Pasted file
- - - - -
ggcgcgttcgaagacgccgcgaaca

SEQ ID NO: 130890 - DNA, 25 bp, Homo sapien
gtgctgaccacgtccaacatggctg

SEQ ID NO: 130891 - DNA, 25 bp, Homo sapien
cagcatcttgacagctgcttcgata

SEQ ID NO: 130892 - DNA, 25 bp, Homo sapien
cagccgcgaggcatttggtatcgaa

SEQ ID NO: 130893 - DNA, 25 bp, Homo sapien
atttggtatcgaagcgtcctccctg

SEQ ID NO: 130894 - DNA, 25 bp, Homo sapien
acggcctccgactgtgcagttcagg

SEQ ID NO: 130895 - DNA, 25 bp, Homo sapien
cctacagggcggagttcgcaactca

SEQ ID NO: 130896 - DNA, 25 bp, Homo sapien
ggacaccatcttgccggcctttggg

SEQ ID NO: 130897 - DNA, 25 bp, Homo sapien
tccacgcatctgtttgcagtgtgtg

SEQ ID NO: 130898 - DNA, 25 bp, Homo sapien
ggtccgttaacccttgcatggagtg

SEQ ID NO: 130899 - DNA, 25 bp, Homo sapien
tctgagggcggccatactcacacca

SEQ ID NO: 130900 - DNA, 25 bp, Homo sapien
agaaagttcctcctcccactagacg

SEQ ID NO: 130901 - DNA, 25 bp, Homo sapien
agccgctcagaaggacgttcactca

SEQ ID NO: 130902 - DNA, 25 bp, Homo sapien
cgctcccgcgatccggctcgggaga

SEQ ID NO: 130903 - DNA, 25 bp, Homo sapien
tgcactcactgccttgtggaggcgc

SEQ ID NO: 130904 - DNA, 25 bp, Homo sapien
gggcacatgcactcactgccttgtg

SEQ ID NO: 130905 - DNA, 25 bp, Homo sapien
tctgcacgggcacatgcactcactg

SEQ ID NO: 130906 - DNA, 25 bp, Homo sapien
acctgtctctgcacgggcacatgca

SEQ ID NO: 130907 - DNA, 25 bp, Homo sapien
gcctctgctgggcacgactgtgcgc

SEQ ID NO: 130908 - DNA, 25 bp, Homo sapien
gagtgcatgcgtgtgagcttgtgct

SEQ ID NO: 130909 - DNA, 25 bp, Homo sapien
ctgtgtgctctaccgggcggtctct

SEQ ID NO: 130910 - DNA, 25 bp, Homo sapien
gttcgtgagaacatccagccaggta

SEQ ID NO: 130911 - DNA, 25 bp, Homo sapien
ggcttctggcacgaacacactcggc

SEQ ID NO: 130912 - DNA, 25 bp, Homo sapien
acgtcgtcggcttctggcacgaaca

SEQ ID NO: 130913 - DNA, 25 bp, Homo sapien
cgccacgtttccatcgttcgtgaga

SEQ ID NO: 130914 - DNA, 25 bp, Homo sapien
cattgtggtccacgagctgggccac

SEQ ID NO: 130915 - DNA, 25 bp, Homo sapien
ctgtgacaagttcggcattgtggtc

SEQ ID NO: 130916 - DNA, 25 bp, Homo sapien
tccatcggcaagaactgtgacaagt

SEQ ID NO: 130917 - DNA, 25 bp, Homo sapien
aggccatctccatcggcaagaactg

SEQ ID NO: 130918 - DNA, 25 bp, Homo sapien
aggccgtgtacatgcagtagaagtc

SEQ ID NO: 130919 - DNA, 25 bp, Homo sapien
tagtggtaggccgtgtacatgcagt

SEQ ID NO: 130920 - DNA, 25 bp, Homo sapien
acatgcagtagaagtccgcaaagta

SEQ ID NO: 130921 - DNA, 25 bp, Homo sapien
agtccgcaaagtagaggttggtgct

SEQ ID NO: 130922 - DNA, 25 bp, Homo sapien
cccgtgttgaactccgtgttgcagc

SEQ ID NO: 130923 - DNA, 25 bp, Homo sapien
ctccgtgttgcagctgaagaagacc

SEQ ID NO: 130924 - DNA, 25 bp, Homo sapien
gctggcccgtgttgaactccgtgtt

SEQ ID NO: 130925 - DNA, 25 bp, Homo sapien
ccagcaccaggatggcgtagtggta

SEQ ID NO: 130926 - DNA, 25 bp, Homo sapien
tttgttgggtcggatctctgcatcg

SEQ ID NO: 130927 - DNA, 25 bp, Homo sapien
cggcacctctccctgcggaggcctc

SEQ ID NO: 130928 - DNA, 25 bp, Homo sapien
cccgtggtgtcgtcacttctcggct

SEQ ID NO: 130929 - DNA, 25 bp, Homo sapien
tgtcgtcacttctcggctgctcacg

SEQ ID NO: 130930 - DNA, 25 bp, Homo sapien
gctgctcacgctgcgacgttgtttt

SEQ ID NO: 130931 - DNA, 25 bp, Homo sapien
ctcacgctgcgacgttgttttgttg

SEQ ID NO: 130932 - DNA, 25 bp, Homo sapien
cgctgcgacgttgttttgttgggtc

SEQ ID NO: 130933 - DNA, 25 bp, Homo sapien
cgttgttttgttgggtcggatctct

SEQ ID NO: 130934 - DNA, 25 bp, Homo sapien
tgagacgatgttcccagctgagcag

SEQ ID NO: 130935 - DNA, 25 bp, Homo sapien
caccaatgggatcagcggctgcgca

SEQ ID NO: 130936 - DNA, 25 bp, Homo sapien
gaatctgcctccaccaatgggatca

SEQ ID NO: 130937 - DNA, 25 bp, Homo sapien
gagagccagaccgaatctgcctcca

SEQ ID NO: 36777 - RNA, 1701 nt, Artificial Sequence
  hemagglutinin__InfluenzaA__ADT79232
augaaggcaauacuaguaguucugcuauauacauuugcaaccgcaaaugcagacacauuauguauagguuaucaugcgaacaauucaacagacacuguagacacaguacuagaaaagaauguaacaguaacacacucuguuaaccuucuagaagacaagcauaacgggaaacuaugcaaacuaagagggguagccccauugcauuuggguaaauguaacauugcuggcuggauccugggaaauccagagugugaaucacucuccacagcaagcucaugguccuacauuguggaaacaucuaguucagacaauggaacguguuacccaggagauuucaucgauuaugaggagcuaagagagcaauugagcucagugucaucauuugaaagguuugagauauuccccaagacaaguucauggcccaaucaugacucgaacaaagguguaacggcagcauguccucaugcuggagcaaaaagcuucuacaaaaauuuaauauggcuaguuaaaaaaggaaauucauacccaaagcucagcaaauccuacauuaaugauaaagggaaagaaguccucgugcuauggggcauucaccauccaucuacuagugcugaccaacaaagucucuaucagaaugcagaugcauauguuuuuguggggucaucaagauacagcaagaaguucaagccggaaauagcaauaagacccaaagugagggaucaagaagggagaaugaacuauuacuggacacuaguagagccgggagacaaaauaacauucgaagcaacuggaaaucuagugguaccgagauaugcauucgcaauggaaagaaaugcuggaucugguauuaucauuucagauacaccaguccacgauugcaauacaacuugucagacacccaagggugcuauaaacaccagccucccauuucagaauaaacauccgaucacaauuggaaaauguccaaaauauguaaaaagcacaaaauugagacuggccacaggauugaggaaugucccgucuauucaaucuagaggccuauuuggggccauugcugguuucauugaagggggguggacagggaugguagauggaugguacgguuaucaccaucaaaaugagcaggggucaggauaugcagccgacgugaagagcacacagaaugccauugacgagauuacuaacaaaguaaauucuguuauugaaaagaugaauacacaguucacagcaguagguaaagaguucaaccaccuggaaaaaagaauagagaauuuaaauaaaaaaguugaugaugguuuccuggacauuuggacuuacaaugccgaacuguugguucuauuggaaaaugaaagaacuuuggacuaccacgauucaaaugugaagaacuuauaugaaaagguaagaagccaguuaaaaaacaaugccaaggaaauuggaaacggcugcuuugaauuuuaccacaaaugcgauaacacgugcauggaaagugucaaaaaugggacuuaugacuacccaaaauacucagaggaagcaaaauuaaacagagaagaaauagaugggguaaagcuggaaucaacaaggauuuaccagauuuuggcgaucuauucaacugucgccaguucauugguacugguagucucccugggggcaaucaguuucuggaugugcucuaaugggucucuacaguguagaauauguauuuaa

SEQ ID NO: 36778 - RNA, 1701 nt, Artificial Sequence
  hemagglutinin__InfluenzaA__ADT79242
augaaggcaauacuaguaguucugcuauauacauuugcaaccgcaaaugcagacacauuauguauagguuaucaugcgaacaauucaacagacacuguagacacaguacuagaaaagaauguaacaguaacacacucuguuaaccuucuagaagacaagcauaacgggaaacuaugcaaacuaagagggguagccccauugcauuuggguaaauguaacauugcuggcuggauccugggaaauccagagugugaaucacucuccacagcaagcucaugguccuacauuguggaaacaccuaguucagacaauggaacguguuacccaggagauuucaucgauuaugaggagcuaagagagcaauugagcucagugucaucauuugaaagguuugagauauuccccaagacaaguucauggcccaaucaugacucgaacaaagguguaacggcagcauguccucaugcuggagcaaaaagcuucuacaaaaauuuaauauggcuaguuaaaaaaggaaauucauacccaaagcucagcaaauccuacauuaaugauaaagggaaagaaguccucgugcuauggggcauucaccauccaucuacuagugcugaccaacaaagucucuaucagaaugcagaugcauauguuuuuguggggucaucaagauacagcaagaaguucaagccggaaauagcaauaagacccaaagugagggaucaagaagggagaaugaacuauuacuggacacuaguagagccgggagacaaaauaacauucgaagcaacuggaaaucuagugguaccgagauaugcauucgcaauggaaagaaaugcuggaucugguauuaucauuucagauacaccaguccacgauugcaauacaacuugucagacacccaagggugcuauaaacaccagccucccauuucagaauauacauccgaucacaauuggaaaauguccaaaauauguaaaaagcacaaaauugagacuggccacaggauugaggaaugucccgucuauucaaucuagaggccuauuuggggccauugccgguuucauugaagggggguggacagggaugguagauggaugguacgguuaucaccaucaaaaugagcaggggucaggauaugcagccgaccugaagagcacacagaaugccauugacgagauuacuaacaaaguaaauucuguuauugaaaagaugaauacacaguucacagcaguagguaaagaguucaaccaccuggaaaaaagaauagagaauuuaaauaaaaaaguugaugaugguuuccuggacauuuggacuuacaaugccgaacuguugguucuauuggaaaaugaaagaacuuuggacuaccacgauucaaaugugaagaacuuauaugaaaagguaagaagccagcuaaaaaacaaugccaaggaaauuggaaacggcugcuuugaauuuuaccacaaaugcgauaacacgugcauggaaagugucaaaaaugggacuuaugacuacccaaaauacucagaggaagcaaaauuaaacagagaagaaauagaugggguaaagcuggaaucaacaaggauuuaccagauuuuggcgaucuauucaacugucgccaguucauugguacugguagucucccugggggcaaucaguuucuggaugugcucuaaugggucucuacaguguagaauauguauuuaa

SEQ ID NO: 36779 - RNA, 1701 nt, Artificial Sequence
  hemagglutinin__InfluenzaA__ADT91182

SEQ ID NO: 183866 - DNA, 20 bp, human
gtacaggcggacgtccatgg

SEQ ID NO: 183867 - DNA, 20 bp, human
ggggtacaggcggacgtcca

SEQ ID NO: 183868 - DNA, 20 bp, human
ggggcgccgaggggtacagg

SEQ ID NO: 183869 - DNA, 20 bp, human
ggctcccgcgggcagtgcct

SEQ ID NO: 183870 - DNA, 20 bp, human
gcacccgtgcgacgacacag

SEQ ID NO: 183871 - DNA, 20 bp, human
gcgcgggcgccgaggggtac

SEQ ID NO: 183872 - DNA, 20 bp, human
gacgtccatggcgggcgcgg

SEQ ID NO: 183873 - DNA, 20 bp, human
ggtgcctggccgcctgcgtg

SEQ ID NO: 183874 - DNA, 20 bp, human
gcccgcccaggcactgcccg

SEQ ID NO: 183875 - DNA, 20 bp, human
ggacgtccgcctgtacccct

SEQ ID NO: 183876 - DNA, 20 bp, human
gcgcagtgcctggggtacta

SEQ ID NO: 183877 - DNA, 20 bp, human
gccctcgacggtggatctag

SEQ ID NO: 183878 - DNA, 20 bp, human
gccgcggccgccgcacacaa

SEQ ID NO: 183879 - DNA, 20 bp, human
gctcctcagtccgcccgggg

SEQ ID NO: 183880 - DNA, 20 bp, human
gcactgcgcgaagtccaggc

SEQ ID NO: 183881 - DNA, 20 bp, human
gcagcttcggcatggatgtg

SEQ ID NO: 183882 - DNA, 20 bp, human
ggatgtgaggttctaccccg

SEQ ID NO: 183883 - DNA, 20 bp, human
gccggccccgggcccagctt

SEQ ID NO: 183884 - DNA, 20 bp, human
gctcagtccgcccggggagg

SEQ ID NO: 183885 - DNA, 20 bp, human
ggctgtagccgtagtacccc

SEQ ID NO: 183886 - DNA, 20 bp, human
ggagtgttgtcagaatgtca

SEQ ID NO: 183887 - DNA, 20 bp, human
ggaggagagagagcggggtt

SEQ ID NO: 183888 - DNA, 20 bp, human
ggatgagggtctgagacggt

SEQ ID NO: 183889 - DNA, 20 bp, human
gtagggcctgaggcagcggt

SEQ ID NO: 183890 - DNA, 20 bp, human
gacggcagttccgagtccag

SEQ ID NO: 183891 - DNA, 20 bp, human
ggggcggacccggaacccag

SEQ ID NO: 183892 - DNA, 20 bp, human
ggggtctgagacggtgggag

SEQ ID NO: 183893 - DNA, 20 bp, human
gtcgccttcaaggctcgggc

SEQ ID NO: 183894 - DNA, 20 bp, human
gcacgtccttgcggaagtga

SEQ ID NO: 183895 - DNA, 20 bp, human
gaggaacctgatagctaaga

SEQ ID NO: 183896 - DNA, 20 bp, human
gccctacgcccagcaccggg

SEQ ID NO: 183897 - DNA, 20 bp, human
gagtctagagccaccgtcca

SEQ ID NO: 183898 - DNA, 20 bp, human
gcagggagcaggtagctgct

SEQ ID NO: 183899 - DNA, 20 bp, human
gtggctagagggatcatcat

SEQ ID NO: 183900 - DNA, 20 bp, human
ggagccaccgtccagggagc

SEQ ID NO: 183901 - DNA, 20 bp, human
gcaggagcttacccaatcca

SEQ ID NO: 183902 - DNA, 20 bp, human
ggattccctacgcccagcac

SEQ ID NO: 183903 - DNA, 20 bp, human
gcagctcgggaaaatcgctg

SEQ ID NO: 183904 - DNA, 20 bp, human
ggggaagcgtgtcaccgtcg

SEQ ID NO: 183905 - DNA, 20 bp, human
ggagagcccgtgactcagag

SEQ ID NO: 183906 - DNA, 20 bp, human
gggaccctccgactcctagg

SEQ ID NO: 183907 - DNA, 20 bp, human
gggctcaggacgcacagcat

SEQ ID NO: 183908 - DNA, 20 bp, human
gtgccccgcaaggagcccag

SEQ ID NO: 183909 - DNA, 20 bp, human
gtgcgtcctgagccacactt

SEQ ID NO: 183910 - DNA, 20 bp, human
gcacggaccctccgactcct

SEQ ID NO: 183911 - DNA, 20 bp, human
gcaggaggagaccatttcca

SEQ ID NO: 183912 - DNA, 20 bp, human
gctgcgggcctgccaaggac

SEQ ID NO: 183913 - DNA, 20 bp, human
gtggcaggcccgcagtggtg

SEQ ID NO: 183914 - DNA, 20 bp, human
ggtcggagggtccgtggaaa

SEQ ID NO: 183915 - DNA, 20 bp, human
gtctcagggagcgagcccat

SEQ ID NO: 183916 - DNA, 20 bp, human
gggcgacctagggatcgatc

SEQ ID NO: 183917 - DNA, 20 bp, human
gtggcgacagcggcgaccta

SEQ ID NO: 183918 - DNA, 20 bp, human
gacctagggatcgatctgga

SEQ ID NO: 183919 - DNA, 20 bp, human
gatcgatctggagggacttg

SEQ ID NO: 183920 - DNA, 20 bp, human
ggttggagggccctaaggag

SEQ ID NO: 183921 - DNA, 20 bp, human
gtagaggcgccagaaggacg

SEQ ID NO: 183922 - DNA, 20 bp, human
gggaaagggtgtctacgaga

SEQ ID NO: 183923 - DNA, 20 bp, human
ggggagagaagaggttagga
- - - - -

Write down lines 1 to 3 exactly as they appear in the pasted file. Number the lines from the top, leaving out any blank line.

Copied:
ggcgcgttcgaagacgccgcgaaca

SEQ ID NO: 130890 - DNA, 25 bp, Homo sapien
gtgctgaccacgtccaacatggctg